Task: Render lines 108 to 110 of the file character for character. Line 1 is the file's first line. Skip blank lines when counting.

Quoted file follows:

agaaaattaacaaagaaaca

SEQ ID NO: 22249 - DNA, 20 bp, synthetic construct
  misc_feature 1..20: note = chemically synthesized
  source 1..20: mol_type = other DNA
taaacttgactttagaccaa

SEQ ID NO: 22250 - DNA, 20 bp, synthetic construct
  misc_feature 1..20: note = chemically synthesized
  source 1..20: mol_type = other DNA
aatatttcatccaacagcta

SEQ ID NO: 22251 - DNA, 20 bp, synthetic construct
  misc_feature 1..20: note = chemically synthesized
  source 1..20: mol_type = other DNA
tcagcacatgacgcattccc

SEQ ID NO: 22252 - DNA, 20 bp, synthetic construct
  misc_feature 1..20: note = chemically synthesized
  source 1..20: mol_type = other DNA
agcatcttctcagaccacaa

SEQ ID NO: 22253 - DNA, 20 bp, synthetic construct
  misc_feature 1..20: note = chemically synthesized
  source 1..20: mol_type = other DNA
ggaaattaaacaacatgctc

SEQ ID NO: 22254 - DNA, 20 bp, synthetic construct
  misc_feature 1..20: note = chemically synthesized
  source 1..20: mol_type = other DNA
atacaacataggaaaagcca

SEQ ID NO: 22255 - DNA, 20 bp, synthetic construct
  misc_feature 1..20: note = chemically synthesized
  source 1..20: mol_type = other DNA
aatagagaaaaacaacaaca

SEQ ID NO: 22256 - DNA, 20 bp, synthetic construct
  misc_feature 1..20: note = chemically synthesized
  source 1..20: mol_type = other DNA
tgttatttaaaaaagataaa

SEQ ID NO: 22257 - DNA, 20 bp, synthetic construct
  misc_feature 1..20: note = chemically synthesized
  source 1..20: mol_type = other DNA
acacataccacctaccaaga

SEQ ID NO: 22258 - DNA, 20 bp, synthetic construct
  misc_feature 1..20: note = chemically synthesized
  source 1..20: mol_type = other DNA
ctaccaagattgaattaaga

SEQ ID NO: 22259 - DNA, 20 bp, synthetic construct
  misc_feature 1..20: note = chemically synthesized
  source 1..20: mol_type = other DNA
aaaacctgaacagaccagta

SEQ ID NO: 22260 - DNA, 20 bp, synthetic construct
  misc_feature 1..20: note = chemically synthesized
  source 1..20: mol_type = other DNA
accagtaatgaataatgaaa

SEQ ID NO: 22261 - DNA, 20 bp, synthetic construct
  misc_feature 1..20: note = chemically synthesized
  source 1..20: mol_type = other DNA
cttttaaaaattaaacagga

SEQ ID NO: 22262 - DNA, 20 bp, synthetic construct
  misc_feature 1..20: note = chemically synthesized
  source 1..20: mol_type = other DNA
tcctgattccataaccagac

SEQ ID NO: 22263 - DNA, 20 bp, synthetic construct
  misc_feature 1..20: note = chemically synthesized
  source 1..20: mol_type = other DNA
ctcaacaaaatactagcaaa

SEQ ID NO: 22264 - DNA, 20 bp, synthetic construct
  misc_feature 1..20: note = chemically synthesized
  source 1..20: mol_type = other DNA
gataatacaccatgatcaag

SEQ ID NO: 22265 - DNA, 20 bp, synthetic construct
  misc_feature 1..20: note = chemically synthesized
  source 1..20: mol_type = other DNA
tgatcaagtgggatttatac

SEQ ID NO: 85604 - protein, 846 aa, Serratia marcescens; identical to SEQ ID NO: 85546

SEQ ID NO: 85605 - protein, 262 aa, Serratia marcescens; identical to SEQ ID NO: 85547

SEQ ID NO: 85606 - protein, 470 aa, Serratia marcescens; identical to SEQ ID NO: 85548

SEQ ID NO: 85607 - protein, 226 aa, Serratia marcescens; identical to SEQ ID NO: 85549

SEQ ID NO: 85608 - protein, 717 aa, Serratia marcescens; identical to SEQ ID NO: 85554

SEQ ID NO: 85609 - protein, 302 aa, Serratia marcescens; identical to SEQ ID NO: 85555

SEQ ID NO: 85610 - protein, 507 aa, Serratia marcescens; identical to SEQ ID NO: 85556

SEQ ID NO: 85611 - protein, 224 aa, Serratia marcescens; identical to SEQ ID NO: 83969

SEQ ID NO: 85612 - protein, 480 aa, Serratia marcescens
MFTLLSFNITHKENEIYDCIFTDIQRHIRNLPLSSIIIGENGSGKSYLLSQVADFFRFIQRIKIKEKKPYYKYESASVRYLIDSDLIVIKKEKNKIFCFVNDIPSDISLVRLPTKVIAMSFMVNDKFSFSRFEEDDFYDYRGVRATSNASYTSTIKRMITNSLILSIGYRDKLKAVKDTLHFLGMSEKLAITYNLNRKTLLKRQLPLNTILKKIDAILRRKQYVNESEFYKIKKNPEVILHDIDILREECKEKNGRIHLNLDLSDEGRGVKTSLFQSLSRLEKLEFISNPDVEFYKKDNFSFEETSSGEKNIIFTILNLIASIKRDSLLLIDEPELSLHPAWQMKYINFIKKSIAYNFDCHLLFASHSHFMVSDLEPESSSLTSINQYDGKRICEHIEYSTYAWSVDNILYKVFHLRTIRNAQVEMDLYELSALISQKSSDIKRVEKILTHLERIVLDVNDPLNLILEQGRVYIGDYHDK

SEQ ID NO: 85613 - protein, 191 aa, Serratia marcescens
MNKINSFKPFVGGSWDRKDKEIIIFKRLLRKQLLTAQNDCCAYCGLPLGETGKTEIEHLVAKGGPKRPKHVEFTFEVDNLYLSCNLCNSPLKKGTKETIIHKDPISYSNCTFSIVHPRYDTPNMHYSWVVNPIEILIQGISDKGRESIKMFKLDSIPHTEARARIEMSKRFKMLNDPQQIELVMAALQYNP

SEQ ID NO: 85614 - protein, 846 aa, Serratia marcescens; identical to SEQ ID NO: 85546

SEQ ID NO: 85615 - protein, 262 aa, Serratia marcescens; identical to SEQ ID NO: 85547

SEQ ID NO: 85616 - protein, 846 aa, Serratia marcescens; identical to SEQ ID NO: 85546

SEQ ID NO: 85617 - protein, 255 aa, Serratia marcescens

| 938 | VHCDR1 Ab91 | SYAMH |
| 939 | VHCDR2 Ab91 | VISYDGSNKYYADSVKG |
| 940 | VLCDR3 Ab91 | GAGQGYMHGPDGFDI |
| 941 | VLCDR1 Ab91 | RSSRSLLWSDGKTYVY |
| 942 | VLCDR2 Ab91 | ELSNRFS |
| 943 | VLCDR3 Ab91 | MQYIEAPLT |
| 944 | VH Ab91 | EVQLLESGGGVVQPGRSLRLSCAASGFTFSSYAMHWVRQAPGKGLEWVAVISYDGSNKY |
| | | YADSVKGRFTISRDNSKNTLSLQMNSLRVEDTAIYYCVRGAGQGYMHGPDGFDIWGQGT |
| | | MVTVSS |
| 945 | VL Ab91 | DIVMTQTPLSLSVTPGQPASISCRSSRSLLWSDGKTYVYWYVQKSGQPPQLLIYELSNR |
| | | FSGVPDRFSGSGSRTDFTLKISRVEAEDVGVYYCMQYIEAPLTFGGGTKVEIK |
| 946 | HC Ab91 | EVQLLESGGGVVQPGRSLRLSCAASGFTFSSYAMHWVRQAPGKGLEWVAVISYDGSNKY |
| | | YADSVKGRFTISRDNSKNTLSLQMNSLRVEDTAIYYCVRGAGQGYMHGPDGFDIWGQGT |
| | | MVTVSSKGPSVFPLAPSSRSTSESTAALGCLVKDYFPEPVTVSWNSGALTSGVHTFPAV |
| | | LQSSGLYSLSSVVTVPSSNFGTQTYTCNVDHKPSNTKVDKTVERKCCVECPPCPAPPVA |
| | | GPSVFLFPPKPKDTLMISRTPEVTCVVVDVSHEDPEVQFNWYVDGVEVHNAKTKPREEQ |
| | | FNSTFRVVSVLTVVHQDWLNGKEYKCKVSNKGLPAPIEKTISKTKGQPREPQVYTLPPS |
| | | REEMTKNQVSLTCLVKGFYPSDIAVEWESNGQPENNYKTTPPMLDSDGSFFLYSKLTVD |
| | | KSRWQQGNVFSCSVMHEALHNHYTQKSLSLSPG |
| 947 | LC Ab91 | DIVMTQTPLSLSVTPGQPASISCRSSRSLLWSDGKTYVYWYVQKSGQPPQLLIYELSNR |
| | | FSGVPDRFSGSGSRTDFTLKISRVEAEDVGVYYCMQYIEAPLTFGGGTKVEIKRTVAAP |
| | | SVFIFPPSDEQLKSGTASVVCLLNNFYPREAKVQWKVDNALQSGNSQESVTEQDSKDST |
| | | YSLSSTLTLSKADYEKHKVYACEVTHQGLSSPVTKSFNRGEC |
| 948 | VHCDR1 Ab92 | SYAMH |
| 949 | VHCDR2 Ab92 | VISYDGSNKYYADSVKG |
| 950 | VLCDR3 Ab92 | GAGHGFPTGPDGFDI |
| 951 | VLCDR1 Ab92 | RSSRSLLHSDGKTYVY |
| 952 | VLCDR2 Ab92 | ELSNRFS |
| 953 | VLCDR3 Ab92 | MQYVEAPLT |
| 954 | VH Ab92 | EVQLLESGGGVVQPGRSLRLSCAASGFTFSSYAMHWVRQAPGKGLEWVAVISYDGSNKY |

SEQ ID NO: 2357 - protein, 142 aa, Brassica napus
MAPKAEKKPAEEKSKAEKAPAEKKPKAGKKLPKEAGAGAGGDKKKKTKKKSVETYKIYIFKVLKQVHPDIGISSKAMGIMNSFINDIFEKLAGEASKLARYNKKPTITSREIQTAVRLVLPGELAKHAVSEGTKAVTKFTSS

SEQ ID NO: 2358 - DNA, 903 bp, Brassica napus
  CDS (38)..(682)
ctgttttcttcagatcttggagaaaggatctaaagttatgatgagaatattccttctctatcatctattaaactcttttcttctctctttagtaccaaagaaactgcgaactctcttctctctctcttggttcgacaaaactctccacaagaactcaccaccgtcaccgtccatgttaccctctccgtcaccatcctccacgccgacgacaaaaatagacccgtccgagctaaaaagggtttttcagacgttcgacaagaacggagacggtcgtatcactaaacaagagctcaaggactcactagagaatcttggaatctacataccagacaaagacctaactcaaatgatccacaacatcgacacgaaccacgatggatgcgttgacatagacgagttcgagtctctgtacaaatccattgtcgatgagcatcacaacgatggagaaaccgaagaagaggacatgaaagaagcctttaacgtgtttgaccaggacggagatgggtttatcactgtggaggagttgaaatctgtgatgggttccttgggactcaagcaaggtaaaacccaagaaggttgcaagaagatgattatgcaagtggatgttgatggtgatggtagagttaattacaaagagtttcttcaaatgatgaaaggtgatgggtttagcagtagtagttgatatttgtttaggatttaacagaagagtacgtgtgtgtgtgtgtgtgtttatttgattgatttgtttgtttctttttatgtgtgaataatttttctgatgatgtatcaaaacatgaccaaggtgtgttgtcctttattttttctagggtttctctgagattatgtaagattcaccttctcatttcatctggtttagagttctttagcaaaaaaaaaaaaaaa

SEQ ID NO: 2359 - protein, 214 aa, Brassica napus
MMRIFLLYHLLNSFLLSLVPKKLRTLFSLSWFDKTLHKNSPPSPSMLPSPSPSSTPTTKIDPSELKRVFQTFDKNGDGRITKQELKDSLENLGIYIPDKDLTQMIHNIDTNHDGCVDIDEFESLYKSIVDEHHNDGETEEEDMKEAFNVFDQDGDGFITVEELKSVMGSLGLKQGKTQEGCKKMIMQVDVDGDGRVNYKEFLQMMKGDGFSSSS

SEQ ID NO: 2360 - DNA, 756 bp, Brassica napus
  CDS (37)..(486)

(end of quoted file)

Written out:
| | | YSLSSTLTLSKADYEKHKVYACEVTHQGLSSPVTKSFNRGEC |
| 948 | VHCDR1 Ab92 | SYAMH |
| 949 | VHCDR2 Ab92 | VISYDGSNKYYADSVKG |